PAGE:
• See CYBER BULLYING

PARENTAL RESPONSE

  • Common parental response is protective anger leading to attempted intervention to stop the bullying +/- punish the perpetrator
    • Makes the parent feel better but not a long term solution for the child
    • May embarrass the child and exacerbate poor self-esteem and depression
  • Parents often send mixed messages about responding to fighting and bullying
    • Parents have a tendency to advocate for aggression and violent response to bullying
    • Retaliatory attitudes either directly communicated or modeled through parent engagement in retaliatory aggression in the home (eg, verbal, relational, and physical aggression)
  • Ask your child “Do you need me to step in or can you handle this yourself?”
  • Set up an environment to encourage your child to try new things
  • Encourage the child to write in their journal
  • If situation is serious, do whatever it takes to take the child out of the situation including changing schools

TIPS FOR DEVELOPING A PLAN

  • Answer the following questions in a private journal or App
    • What is it that you do not respect about the bully?
    • When did you lose respect for the bully?
    • What do you respect about the bully?
      • This is likely to be a challenge, however you might see a different perspective
    • What have you learned about yourself as a result of the bullying?
    • Write a list of negatives and positives from the bullying situation
    • What can you change to get a positive result?
  • Focus attention away from the bullying by helping the victim move beyond the bullying situation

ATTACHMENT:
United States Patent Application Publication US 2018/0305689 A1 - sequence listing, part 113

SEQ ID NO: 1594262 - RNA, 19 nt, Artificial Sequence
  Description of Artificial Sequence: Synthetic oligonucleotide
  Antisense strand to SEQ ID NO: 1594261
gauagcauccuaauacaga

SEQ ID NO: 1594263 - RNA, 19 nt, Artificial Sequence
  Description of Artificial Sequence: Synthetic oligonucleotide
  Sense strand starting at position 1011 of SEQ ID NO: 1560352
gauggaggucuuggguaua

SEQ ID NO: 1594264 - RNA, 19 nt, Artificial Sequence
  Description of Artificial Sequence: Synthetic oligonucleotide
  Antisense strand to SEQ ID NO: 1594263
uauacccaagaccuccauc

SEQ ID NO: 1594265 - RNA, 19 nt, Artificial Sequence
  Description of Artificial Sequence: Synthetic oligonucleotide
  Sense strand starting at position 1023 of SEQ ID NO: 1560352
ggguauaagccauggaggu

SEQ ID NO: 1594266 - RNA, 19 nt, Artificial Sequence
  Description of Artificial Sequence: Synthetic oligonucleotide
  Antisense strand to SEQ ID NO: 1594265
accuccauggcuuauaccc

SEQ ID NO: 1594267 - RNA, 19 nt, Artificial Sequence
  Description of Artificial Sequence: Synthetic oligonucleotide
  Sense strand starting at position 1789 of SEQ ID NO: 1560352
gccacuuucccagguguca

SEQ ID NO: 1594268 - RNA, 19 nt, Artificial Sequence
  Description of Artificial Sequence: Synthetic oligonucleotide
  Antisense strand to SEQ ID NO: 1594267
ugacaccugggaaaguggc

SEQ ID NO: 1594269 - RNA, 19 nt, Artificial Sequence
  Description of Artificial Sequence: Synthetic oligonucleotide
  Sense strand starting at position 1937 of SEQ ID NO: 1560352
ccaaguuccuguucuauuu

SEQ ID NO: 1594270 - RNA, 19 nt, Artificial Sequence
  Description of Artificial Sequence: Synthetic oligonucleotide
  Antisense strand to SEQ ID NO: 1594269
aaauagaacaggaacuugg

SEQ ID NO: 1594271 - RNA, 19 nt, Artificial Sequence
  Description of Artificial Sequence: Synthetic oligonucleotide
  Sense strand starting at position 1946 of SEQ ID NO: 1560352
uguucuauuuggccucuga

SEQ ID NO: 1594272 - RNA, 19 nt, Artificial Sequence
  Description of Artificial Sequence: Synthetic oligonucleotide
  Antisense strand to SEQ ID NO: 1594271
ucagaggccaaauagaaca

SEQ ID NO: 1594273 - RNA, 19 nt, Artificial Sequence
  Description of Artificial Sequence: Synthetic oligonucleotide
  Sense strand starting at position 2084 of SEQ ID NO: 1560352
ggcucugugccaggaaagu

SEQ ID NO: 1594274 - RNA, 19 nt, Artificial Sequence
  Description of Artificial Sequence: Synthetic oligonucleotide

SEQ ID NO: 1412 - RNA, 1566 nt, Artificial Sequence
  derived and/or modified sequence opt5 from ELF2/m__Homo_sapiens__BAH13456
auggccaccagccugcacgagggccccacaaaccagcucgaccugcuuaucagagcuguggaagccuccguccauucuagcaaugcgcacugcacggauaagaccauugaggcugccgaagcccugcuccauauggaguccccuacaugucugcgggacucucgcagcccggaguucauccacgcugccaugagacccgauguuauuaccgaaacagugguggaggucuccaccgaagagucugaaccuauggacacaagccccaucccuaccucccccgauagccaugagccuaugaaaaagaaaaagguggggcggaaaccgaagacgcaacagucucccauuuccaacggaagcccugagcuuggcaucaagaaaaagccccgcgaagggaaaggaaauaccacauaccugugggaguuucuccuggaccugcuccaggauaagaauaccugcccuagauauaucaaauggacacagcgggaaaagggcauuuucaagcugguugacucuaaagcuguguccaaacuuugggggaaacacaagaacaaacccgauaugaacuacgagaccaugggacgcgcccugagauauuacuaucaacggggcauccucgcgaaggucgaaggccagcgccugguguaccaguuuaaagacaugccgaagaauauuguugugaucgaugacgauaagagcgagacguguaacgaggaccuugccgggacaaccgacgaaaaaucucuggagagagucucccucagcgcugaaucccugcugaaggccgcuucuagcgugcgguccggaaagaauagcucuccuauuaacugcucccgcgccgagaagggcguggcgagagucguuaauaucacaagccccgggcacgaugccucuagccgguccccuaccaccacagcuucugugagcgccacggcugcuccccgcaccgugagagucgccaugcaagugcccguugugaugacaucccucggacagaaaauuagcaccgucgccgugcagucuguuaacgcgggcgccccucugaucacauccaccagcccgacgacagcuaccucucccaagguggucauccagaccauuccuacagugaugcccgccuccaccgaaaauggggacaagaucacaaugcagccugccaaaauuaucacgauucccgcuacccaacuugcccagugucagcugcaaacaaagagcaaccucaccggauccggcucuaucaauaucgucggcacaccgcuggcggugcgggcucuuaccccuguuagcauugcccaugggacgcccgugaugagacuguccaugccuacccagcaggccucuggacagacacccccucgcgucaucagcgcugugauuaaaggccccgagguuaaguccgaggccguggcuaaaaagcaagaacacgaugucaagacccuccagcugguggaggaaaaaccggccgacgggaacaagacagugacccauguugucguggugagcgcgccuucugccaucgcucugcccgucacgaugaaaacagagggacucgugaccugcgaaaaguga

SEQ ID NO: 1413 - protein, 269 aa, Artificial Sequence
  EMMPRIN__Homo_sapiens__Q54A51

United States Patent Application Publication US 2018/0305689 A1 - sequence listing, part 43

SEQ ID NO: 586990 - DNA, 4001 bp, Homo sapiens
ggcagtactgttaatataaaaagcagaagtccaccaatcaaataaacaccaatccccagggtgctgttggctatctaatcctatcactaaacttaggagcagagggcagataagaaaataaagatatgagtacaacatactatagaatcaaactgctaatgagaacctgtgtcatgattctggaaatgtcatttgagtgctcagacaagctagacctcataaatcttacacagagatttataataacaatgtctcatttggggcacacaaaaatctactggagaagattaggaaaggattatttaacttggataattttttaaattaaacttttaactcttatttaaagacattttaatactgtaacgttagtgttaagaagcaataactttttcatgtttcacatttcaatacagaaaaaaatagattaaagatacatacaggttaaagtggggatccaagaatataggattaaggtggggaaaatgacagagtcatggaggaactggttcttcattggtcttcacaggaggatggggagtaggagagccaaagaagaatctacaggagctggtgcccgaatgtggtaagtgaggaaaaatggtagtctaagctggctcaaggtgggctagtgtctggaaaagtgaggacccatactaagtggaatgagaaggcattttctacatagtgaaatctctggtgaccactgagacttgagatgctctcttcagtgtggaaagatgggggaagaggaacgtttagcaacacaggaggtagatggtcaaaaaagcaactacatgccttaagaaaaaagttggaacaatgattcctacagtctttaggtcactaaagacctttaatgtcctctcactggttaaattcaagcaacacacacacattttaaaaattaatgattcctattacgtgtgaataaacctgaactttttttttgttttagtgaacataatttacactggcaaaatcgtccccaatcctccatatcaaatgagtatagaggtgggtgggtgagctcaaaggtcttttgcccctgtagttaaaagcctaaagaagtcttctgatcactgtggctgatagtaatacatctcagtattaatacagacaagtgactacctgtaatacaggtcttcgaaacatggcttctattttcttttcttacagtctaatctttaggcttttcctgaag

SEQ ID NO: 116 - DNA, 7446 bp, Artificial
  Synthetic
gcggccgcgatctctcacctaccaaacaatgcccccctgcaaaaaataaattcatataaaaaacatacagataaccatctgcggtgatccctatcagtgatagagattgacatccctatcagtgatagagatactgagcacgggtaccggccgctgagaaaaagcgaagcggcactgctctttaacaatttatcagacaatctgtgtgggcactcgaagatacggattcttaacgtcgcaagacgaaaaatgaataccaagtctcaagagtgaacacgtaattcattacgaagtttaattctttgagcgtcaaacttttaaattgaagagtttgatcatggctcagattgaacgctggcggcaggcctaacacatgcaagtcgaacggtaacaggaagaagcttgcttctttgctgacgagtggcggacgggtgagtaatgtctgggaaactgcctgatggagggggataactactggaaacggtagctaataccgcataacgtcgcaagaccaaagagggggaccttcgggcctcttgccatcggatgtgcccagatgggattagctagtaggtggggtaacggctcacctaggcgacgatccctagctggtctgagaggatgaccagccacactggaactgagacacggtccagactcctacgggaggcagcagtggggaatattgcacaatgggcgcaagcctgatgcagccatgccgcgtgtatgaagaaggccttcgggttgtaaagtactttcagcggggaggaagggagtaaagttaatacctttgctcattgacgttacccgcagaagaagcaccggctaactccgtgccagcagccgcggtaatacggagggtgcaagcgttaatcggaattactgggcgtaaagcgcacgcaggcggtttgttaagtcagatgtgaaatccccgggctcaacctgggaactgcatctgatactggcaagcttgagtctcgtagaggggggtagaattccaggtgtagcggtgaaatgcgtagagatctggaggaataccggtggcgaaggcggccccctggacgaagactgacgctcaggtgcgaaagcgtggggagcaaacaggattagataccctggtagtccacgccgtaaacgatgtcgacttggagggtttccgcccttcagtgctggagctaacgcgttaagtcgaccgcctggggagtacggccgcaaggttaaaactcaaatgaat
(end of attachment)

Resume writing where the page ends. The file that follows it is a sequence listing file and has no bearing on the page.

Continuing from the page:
• People including parents, siblings, friends, teachers, coaches
    • Groups to join in person or online
    • Things to do eg reading, activities, hobbies, music or sports
    • Things to borrow or buy eg books, games
    • Places to go where you feel comfortable and secure eg a local park, resource center
    • Manage social media eg block people online, limit access to certain Apps or at certain times of the daytimes of the day
  • Evaluate the effectiveness of the plan

ARMING THE VICTIM

  • Caregivers and counselors should equip the child with improved resilience, mental toughness and courage and provide the skills to encourage the child to display these attributes when bullied
    • Requires time and effort to learn and practice social and emotional skills, assertiveness and problem solving that gives the child sufficient self-confidence to respond appropriately
    • Children need to learn how to manage and cope with people who are angry, hurtful, unfair, mean, aggressive, unkind, bossy
  • Help the victim develop insight and understanding
    • Ask the patient what is a bully
      • What is being mean or cruel
    • What is the bullying situation from their perspective
    • How they feel and what emotions come up in this situation
    • What has made them the most upset and why
      • What does this mean to you?
  • Teach problem solving tactics and help the child develop a plan
    • If a child learns to “shrug” off the torments of a bully they are likely to decrease or even cease bullying
    •  'Bat mobile' strategy for young victims where they squeeze a squash ball in their pocket and imagine the bat shield coming over and all the barbs bounce off
  • Brainstorm various responses and work with the child to determine which will work best
    • Removing themselves from the situation or the person completely if possible
    • Limit contact and interaction with the bully
    • Protecting your space
    • Take time to find friendly and supportive people or activities or groups to join
    • Spend some time alone in a place you feel comfortable and secure
  • Play out a typical bullying scene at home with parents and siblings
    • Practice assertiveness (eg, "Stop")
      • Break the response strategy into steps that the child can remember and follow
  • Discuss that not everybody will like you and that's OK
    • Place less importance on what people think of them